5 Things Women Get Wrong about Modesty
- J. Parker Crosswalk.com Contributing Writer
- 2016 21 Oct
My decision to bring up the topic of modesty feels a little like wading into a shark pool or striking up a conversation about politics at the Thanksgiving table. Because—let’s face it—the subject of modesty riles up a lot of feelings among women.
But perhaps the reason this subject gets our nerves rattling and our hackles up is people misconstrue what modesty really is. Let’s talk about five things women get wrong about modesty.
Modesty isn’t just about what you wear.
Modesty is about not being improper or indecent. And while one manifestation of propriety and decency is what we wear, you could be dressed in a Jedi robe and cloak and still be immodest in your speech and your behavior.
Modesty begins as an attitude and involves all the decisions we make in how we carry ourselves – the impression we leave with others. It comes across in our appearance, our words, our actions.
In 1 Timothy 2, after the apostle Paul says women should be modest in appearance, verse 11 states, “For women who claim to be devoted to God should make themselves attractive by the good things they do.” Modesty involves being attractive with the good we do in the world—and that flows from a heart devoted to God.
Modesty doesn’t keep men from lusting.
Of course, one of the reasons we should be modest is to help men keep their eyes and minds where they should be focused. We don’t want to don an outfit that would tempt most red-blooded males. But at the same time, we women can’t lust-proof the world, or even our church, by being modest all the time. And sometimes, we leave that impression—that somehow the responsibility for men not lusting is on us and our modesty.
Do the right thing when it comes to modesty, because that’s your way to honor God and respect others. But if a guy chooses to lust, that’s his sin, not yours. We certainly don’t want to put a “stumbling block” before our fellow Christians, but as Galatians 6:5 so clearly says, “For we are each responsible for our own conduct.”
Modesty isn’t a checklist of absolutes.
What’s the right length of skirt? How low can your neckline dip? How much makeup can one wear without looking “trampy”? What are the rules?! I’ve witnessed conversations in which Christians tried to hammer out every detail of a dress code, as if we can come up with a definitive list of to-dos for modesty.
Meanwhile, I’ve known tall girls who simply cannot find shorts that stretch all the way to their knee or big-busted women who would have a peek of cleavage in any shirt but a turtleneck. And we can unwittingly make those Christian ladies feel shame about their bodies or as if they’ll never measure up to our (impossible) standard of godly behavior.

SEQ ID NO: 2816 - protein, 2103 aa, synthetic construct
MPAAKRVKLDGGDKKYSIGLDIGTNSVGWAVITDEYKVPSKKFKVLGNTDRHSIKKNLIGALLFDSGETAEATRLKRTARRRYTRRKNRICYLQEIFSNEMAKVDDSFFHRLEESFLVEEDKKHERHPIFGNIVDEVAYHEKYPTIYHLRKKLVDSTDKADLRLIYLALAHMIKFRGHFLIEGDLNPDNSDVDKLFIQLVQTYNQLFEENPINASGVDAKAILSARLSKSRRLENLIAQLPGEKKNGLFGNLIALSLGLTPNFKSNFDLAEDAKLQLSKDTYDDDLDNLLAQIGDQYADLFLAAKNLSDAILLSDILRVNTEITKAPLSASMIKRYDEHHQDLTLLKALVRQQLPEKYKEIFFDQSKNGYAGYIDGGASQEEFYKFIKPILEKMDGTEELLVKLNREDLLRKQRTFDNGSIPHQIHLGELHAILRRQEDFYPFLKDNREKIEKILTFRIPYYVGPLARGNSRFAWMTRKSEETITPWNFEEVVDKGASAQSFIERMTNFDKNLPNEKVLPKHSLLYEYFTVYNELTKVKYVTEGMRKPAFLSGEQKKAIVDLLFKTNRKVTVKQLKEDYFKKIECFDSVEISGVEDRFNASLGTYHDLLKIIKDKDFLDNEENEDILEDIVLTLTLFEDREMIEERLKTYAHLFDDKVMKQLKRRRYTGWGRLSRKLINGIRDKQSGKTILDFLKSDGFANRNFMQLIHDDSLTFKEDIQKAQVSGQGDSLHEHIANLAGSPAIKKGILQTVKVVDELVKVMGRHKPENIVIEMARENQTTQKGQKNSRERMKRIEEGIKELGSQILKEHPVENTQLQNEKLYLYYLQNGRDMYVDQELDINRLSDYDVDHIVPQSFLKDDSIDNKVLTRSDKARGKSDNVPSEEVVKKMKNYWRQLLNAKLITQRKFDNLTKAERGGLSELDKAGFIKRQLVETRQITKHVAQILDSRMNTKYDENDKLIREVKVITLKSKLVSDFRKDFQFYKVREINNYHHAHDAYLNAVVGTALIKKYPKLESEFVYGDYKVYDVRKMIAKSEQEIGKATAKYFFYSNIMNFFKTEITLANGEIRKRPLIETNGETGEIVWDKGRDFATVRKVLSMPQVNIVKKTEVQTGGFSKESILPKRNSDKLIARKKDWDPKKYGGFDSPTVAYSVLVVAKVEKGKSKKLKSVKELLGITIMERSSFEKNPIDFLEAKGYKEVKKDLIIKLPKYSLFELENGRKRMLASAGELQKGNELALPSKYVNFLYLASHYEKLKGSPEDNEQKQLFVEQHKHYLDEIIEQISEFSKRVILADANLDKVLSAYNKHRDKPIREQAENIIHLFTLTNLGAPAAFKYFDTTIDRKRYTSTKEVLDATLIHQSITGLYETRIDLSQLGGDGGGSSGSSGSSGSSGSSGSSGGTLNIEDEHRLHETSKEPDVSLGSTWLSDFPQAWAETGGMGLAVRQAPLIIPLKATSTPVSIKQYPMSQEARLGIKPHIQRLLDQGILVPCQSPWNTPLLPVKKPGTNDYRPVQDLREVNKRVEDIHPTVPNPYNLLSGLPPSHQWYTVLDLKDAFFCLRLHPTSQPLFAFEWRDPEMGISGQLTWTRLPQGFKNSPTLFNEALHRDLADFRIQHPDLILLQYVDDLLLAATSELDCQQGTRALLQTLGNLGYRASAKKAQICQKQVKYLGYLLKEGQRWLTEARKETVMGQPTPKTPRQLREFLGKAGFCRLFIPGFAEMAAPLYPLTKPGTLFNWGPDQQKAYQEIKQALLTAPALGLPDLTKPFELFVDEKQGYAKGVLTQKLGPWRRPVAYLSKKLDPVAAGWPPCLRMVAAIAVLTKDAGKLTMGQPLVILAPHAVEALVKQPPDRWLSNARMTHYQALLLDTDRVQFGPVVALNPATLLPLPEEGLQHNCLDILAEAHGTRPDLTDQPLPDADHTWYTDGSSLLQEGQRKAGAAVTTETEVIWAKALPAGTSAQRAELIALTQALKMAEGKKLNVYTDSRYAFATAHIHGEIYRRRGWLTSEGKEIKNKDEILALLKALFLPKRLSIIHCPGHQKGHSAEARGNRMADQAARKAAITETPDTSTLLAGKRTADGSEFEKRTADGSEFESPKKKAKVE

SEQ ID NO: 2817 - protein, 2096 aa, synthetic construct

Moreover, you can find a way to follow almost any dress code and still present yourself immodestly. For instance, at my Christian university, I knew a girl (me) who skirted around the no-shorts dress code and wore rather sheer pants (with a long shirt, I promise, Mom), and her legs were as on display as if she were wearing shorts (yes, I regret this choice). But the point is, there’s a way around any list we devise, so let’s stop with the lists and look at the reasoning behind modesty instead.
Modesty isn’t frumpy.
Modesty isn’t hiding your feminine form with baggy clothes or burying every inch of skin underneath generous swaths of fabric. It’s not swearing off all makeup or jewelry (save the wedding ring). It’s not cowering in your seat with your head down so you won’t attract unwanted attention. Modesty isn’t anti-curves, anti-fashion, or anti-beauty.
Psalm 45 is a wedding song, and it describes a bride who puts on a golden gown and beautiful robes, and then this phrase appears: “For your royal husband delights in your beauty” (v. 11). This gal took the time to look good for her husband, and the Bible seems to think that was a good idea. God is well aware that He made you a beautiful woman, and He’s A-okay with you having a feminine form and wanting to look and feel good.
But what about 1 Peter 3:3? “Don’t be concerned about the outward beauty of fancy hairstyles, expensive jewelry, or beautiful clothes.” The part translated “concerned” comes from the Greek word kosmos. Recognize it? We use that same word, spelled cosmos, and it means the whole order or the world. So basically, your world shouldn’t revolve around your appearance. Don’t get obsessed. Go ahead and present yourself as the beautiful woman you are, but spend more time with God than your makeup kit.
Modesty isn’t just a female problem.
Finally, men can immodest too. Their speech, behavior, and appearance can be improper or indecent. They can dress or act in suggestive or sexual ways as well. Living in a highly sexualized world, you don’t have to look far to find examples. (Just walk by an Abercrombie & Fitch poster. Or rather, don’t.)
This verse is commonly used when we talk about modesty: “The Lord doesn’t see things the way you see them. People judge by outward appearance, but the Lord looks at the heart” (1 Samuel 16:7). But it was spoken about King David, a man.
When it comes to modesty, let’s do the right thing. But let’s define the right thing correctly. Learn what modesty really is, and then “clothe yourselves instead with the beauty that comes from within, the unfading beauty of a gentle and quiet spirit, which is so precious to God” (1 Peter 3:4).
J. Parker is the author of Hot, Holy, and Humorous: Sex in Marriage by God’s Design and blogs at Hot, Holy & Humorous, using a biblical perspective and a blunt sense of humor to foster godly sexuality. She has been married for 23 years and holds a master's degree in counseling, yet it's her personal story of redemption that fuels her passion for passion.
Photo courtesy: Thinkstockphotos.com
Publication date: October 21, 2016